– Total number of inspections with COVID-19-related violations: 42 (1,526 total inspections)
– Average number of standards cited per violation: 3.6
– Total amount of penalties issued: $723,377 ($17,223 average per establishment with violations)

Nearly all of the cases of COVID-related violations cited by OSHA in Massachusetts involved nursing homes and assisted living facilities. Among other businesses, Liberty Tax Service in Lynn, Massachusetts, was hit with a $136,500 fine by OSHA in April 2021 for willfully violating the coronavirus safety protocols. OSHA said the company did not provide for adequate social distancing, ventilation, or cleaning, and the owner prohibited workers and customers from wearing face masks, despite a state mandate. A judge later ordered the tax prep company to close. Also in 2021, the U.S. Postal Service in Springfield, Massachusetts, was issued a $35,000 fine in a COVID-related case for violating a federal labor law that requires workplaces to be safe and free from hazards to employees.



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#5. Pennsylvania

– Total number of inspections with COVID-19-related violations: 45 (2,425 total inspections)
– Average number of standards cited per violation: 2.7
– Total amount of penalties issued: $476,940 ($10,599 average per establishment with violations)

As with many states, in Pennsylvania, violations of OSHA regulations designed to protect worker safety were concentrated in the care-giving fields. Among the businesses facing OSHA fines were several Philadelphia-area rehabilitation locations, skilled nursing facilities, and retirement communities, as well as Temple University Hospital. Also found in violation were home health care agencies, a dental clinic, a pharmacy, a number of ambulance companies, and a residential facility in western Pennsylvania for children and adults with intellectual and physical disabilities.



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#4. Illinois

– Total number of inspections with COVID-19-related violations: 49 (2,578 total inspections)
– Average number of standards cited per violation: 3.4
– Total amount of penalties issued: $776,546 ($15,848 average per establishment with violations)

In October 2021, a nursing home facility in Illinois was fined almost $84,000 for OSHA COVID-19-related violations—the largest penalty meted out under worker safety standards issued by the government during the pandemic. Among the violations committed by West Suburban Nursing and Rehabilitation Center, a 249-bed facility in Bloomingdale, Illinois, was a failure to make sure its respirators fit properly and were used correctly. One of its staff members died in 2020 of COVID-19. A medical center in suburban Chicago also paid a fine of more than $60,000 for violations related to the coronavirus, including a failure to assess employees’ vaccination status and their COVID-19 test results or diagnoses.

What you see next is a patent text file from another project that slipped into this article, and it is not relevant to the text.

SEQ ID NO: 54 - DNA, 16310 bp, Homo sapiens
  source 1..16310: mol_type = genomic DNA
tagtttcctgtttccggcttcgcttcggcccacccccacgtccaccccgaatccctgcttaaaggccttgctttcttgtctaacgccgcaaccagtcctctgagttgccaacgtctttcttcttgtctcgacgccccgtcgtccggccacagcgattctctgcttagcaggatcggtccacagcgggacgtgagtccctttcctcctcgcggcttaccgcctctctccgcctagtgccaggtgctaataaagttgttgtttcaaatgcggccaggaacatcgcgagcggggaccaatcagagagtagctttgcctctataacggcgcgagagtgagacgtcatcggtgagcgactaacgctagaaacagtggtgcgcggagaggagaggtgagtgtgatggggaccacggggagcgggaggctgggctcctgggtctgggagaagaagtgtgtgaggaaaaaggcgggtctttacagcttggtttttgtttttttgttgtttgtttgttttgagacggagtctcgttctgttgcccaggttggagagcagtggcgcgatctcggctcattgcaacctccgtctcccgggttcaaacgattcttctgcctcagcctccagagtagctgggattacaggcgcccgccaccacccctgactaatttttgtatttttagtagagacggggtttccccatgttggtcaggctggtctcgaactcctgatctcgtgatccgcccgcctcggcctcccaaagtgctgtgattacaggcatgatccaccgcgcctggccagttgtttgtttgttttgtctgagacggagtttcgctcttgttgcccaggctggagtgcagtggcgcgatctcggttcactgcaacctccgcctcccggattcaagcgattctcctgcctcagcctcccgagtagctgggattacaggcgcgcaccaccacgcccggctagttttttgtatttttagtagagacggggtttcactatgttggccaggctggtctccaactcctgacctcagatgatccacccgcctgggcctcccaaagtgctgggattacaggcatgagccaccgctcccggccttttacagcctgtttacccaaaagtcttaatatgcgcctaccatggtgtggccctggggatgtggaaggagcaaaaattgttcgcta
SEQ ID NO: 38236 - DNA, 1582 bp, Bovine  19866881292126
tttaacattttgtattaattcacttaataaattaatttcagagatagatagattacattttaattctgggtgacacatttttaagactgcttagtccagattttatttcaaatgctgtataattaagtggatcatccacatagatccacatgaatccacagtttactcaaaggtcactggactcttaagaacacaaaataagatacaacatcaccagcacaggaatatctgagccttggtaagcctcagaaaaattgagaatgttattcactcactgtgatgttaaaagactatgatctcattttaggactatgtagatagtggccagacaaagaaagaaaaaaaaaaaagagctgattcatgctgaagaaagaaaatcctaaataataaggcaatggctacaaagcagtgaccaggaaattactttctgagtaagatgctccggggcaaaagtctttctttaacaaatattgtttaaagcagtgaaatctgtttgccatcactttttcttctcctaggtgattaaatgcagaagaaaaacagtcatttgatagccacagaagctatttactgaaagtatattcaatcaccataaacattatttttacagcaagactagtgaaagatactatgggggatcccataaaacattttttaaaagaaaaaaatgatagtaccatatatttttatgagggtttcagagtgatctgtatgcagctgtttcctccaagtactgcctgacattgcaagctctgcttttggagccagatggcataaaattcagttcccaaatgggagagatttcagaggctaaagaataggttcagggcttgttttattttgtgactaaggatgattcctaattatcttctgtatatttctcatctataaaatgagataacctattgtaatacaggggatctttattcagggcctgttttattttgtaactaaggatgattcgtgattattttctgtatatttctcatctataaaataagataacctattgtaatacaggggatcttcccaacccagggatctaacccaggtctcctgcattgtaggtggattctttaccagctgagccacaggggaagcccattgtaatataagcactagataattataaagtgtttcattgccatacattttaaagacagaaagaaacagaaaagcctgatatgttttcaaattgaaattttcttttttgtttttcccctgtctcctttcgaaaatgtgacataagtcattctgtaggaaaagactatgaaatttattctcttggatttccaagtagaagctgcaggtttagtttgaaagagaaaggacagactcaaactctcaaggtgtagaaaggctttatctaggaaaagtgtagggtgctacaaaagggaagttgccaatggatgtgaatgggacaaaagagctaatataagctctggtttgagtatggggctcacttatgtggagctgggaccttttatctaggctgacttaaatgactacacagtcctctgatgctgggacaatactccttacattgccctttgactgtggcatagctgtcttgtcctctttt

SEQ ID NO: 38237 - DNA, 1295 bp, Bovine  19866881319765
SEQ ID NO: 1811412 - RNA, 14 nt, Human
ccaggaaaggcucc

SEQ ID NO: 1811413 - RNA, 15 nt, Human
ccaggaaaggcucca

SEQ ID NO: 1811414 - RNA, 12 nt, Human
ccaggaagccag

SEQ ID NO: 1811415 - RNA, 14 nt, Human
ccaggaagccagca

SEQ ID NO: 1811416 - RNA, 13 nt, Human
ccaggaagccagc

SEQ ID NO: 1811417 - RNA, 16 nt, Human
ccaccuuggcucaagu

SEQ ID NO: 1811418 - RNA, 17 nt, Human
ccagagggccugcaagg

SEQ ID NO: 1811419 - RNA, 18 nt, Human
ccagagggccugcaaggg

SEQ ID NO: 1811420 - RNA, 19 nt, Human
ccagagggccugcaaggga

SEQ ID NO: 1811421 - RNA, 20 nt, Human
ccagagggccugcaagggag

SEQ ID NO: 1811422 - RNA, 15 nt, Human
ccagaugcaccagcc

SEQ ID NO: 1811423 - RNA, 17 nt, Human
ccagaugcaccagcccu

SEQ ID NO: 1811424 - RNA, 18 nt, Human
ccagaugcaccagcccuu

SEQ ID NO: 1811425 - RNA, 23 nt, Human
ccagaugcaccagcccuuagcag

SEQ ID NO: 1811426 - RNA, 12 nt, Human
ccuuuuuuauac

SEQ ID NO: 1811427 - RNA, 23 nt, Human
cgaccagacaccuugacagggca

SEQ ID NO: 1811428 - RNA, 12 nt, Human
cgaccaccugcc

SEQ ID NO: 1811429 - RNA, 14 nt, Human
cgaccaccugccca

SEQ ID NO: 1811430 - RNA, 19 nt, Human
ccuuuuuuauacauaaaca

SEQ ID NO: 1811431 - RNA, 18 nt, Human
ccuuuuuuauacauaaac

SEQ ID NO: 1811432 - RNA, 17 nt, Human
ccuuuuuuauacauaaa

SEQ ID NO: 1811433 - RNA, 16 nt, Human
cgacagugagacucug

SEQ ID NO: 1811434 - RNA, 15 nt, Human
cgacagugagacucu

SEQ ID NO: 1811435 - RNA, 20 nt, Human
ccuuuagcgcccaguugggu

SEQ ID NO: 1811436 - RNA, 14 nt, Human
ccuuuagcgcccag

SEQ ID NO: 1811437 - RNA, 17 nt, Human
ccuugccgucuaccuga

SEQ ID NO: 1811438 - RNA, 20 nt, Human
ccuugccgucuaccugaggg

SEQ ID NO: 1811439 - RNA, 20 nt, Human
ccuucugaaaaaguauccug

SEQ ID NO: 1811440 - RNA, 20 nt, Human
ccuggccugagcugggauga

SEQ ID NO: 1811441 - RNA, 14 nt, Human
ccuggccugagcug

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#3. Ohio

– Total number of inspections with COVID-19-related violations: 60 (2,718 total inspections)
– Average number of standards cited per violation: 2.6
– Total amount of penalties issued: $781,540 ($13,026 average per establishment with violations)

In the earliest months of the pandemic, OSHA cited a group of three Ohio nursing homes with serious mask violations. The federal agency said the homes failed to oversee the proper use of N95 masks, and that staff members were wearing the same masks for as long as a week. It also said the care homes did not perform tests required to make sure the staff’s masks fit properly. The citations, issued in July 2020, were among the earliest issued by OSHA after the pandemic began.



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#2. New York

– Total number of inspections with COVID-19-related violations: 97 (2,177 total inspections)
– Average number of standards cited per violation: 2.7
– Total amount of penalties issued: $1,245,893 ($12,844 average per establishment with violations)

Nearly all of the workplace violations cited by OSHA in New York were discovered at care and assisted living facilities. COVID-19 deaths at the state’s nursing homes made headlines when it was confirmed in a 2021 report by the attorney general that many thousands more people died of COVID-19 in assisted living than the administration of former Gov. Andrew Cuomo had disclosed. The state, early in the pandemic, had chosen to move recovering COVID-19 patients out of hospitals and into nursing homes to free up more space. The report also said the number of people who died in the nursing homes could be miscounted by as much as 50% because only residents who died on nursing home property, not those being treated in hospitals, were counted.



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#1. New Jersey

– Total number of inspections with COVID-19-related violations: 144 (1,814 total inspections)
– Average number of standards cited per violation: 2.9
– Total amount of penalties issued: $2,333,025 ($16,202 average per establishment with violations)

In New Jersey, the nation’s most densely populated state, assisted living facilities and care homes accounted for nearly all of the inspections undertaken by OSHA based on complaints of workplace violations related to COVID-19. At the same time, state authorities were busy tracking down potential trouble spots as well. In just one week after the state’s Labor Department mandated workplace protections for employees, almost 380 complaints about conditions were filed using the department’s online reporting site.

This story originally appeared on Uplift Legal Funding
and was produced and distributed in partnership with Stacker Studio.